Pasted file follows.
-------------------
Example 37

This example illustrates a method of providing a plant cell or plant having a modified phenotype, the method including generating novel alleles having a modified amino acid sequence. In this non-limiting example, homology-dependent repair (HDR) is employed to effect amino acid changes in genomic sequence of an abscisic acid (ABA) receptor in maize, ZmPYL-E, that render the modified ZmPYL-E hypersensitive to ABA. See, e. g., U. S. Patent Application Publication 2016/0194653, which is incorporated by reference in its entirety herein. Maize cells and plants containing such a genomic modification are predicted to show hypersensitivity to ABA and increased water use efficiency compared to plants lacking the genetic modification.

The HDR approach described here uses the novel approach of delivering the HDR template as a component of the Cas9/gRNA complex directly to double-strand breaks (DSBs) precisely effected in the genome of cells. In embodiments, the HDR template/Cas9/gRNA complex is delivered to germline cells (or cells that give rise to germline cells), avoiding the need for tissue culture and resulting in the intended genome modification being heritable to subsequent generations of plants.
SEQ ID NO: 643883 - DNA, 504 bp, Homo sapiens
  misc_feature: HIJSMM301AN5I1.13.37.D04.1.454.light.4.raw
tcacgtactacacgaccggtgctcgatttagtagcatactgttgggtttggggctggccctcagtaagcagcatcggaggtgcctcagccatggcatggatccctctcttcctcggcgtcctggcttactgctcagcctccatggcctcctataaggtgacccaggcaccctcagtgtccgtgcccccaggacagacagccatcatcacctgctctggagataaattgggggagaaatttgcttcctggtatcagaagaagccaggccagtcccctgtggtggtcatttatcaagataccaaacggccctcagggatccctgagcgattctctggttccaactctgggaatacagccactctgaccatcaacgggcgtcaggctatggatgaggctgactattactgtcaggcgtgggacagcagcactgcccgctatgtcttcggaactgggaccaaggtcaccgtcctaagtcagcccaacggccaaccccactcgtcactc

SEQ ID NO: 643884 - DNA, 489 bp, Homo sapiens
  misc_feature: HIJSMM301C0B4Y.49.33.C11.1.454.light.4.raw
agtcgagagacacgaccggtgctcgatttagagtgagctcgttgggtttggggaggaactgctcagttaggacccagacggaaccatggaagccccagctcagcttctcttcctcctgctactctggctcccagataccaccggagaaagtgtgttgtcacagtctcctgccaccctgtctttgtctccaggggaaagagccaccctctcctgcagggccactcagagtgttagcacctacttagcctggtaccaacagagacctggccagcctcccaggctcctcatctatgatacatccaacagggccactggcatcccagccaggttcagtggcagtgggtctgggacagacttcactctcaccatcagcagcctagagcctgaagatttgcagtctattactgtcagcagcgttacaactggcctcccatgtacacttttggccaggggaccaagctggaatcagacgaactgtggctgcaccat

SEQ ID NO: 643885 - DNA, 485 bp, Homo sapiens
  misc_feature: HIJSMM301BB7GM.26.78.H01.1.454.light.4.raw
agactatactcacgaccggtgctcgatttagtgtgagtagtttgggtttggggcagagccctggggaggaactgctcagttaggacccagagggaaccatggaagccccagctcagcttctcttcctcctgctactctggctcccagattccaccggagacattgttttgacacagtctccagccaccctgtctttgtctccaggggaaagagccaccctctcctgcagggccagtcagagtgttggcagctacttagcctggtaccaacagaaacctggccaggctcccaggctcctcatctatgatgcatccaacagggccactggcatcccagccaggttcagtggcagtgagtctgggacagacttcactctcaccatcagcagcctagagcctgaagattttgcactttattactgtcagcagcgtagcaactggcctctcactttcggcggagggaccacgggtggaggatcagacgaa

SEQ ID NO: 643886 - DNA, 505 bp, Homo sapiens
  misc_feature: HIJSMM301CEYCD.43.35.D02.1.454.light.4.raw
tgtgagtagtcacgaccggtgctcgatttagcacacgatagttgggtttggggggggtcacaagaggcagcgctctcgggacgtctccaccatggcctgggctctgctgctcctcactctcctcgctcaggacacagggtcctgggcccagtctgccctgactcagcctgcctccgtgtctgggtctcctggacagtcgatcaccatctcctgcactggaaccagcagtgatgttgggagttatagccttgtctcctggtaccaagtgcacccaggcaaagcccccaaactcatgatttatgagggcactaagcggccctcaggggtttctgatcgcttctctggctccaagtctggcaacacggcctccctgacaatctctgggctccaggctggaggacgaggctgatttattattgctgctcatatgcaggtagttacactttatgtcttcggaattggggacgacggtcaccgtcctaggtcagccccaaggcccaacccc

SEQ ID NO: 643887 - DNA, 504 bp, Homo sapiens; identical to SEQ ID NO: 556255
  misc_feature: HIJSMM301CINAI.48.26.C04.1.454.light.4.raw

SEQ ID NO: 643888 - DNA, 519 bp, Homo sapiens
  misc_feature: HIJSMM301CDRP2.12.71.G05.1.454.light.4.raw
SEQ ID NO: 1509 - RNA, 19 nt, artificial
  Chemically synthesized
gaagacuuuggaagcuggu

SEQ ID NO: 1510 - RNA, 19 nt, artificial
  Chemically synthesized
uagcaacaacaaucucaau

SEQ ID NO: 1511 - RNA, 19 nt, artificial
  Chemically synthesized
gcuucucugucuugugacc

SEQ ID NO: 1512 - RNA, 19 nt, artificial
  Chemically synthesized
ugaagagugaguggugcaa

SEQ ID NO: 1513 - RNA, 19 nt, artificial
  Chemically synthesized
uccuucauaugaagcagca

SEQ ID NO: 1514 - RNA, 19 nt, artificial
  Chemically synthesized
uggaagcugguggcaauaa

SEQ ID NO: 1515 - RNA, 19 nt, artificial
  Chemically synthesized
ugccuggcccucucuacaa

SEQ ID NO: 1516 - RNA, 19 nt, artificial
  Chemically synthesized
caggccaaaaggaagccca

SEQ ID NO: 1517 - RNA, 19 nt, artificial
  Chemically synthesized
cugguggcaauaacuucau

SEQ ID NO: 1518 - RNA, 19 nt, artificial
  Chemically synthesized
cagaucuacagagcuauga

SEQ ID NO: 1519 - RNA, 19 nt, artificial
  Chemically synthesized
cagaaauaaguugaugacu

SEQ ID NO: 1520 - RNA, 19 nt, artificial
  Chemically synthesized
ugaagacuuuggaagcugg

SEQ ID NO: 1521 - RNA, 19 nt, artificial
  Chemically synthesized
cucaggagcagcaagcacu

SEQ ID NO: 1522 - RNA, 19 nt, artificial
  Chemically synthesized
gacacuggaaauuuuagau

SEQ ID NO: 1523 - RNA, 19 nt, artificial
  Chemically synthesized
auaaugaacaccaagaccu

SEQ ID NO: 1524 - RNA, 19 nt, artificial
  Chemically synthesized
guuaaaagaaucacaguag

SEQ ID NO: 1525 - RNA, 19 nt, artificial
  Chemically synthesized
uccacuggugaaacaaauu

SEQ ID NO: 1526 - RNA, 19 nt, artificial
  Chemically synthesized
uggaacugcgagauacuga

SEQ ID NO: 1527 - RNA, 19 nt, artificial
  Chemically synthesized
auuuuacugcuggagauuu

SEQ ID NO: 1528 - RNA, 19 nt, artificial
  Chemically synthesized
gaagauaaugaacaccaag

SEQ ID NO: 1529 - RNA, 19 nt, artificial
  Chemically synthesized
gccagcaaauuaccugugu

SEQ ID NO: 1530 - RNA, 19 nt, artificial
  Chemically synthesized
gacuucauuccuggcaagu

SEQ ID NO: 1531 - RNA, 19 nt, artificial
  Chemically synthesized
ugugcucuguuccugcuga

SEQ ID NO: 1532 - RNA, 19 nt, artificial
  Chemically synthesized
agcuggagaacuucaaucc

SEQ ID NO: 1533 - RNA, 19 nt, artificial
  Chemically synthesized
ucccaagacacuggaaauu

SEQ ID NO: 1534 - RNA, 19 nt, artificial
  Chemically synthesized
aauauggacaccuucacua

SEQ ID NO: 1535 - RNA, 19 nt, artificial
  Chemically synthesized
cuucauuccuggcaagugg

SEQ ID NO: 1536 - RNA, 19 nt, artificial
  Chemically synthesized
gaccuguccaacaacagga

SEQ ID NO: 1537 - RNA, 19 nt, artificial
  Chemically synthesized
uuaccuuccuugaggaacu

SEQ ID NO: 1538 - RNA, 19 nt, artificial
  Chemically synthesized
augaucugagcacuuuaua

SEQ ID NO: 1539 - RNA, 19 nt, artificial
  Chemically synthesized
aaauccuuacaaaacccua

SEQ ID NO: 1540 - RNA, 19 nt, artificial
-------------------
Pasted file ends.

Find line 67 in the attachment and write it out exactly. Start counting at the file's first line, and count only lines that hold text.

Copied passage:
guuaaaagaaucacaguag